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Kenneth,

Yeah, I just did a quick design write up to discover what it would take to build a simple 2-player tic-tac-toe game (sort of mental exercise to handle signing up, match making, game setup, game start, game update, game ending, recording result, etc. using a simple web-based game with ajax/comet).

It is becoming clear to me that abstracting "storage" layer (and above) is just not going to be feasible. Maybe I can serve certain type of games, but creating a virtual database using physical database (while keeping performance reasonable, as you pointed out) is not trivial.

I am gradually shifting from concepts to design/implementation, and hitting lots of issues.

Scoreboard service, which already have lots of variations, is probably where I can realistically stop. I still think SSO, user account management, matchmaking are doabine.

thanks for keeping an eye on this thread!

-y

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Well, good luck getting everything together. :)

I'm debating about reviving my PBBG website over the summer and starting on a new game...maybe I'll use your framework as one of the various options to login with.

Right now, I'm thinking of trying to integrate it into multiple login solutions (e.g. Facebook, OpenID) while still being able to use a single ID for the forum/rest of the website.

We'll see how it goes...I usually can't get more than a small player base together (or lose interest in making the 'new' game I have an idea for due a lack of collaboration). I'm not good about picking things I can do entirely without a certain amount of decent art, which I can't provide.

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I think to make a common data storage as you described in "d." is quite hard because it is up to type of game.
We'd better build a mechanism to register a object/entity, control its state during life time of game session so that we're able to build an interface independant to database.
And if we decide the transportation method is Ajax/comet, the data being transported must be game state, which has an common format: JSON, XML... the business logic could break into 2 parts:
- server:
receive object state data --> do game logic --> send object state back to client
- client:
receive object state data --> display, apply logic or do some graphic effect --> periodically send object state to server
We may build interface for each of these.

Another issue: load balancing, caching, update shared data...

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Hi folks,
I've been thinking about this stuff over the weekend...

Kenneth,

I tried to get to your game but couldn't... is it up and running somewhere that I can get to? Just curious what you have got!

thethanghn,

Yeah, it will be hard. I did an exercise to see if I can abstract storage requirements. I felt is doable but the problem is that I am not aware of ALL game types and have no means to validate abstracted storage model would be usable for most cases. Sort of doing game dev in SaaS (software as a service) way, if you will. Not easy.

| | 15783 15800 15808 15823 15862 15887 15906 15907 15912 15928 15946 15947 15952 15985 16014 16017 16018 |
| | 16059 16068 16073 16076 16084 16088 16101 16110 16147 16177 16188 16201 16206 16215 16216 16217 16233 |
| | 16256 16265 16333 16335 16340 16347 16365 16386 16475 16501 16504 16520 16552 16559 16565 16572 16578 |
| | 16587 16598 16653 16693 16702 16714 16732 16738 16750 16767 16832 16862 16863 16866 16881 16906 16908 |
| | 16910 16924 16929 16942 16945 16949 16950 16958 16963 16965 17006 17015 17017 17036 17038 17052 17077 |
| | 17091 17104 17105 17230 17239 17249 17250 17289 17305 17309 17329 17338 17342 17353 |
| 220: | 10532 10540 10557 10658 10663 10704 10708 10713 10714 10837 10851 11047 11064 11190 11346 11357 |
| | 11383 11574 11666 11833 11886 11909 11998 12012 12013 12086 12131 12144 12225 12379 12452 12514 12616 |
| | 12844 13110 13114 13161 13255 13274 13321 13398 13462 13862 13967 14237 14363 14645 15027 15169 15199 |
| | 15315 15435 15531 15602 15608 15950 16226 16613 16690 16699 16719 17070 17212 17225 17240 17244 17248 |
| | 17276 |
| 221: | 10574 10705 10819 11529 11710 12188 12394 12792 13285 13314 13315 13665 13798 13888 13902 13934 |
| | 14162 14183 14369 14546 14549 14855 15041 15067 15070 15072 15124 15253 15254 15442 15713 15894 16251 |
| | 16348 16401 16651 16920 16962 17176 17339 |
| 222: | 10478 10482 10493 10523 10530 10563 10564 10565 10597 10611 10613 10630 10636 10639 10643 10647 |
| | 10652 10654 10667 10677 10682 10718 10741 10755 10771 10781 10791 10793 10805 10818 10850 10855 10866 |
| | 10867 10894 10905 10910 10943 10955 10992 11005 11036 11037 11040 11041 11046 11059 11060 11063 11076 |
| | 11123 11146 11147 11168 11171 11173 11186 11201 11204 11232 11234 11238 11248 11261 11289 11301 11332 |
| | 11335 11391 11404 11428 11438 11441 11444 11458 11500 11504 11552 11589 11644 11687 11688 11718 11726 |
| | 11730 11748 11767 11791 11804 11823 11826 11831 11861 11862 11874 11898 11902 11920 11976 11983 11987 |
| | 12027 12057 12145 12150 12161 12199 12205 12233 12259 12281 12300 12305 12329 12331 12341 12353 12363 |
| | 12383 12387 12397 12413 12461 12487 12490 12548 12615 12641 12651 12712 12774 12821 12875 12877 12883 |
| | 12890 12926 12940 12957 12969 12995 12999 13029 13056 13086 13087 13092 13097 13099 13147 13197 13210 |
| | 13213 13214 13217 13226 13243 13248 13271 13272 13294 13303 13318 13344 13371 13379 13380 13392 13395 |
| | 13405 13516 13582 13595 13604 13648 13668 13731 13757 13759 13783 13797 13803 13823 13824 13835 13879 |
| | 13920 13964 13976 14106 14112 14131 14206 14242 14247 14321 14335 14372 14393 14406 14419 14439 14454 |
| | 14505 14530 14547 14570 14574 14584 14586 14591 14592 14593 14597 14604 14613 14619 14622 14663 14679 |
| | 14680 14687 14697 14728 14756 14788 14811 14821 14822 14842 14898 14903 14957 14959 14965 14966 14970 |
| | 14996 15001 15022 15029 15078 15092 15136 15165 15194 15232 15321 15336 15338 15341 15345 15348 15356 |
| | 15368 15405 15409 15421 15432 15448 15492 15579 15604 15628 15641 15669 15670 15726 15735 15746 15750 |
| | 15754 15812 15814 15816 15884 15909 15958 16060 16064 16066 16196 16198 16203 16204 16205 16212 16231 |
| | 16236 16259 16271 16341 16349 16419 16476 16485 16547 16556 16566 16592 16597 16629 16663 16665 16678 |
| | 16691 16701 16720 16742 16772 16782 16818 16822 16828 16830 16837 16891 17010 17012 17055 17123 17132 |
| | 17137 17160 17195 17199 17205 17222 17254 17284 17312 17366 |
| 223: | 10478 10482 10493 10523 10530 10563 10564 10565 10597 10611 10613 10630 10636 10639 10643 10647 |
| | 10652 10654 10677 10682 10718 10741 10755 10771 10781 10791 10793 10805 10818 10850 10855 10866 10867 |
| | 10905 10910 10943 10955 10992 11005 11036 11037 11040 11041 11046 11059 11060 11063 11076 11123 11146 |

So, I step back and started thinking more about (1) single sign-on, (2) match making, and (3) scoreboard. This is not trivial either, especially single sign-on, which is the critical and could be too complex (and this goes against easy dev platform for many game devs at various skill levels). My goal was to create a platform that is "easy" and SSO involves some stuff that's hard to master (or at least time consuming - certificate, public-private-key encyription, sigining, etc...)

I will continue to work on ideas and once it gets more comcrete, I will publish it via google doc or something...

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Quote:
Original post by ywatanabe
...
Kenneth,

I tried to get to your game but couldn't... is it up and running somewhere that I can get to? Just curious what you have got!


It isn't up on the internet anywhere atm.

I shut it down awhile ago because of a game I 'inherited' and its playerbase and I had issues that just kind of spiraled until things collapsed. And the other game...was not as popular as I had hoped and I could never get replacement for the programmer art.

But the main opponent who thought I never should have 'inherited' it in the first place shut his version down after about the same time I was running it.

So I was planning to revive it, maybe build a small silly game in the same vein as Click the PBBG, while I work on a 'better' game than my last attempt. ;)

If you feel it will be helpful...I'll try to set some of it up again but I had everything integrated into some forum software that no longer exists on the internet and which I didn't keep a copy, so I'd probably have to re-work the login system and a few other things to get it working again.

If you can wait six months or so, I should have something 'online' in late June/early July.

Quote:

...

I will continue to work on ideas and once it gets more comcrete, I will publish it via google doc or something...


Cool.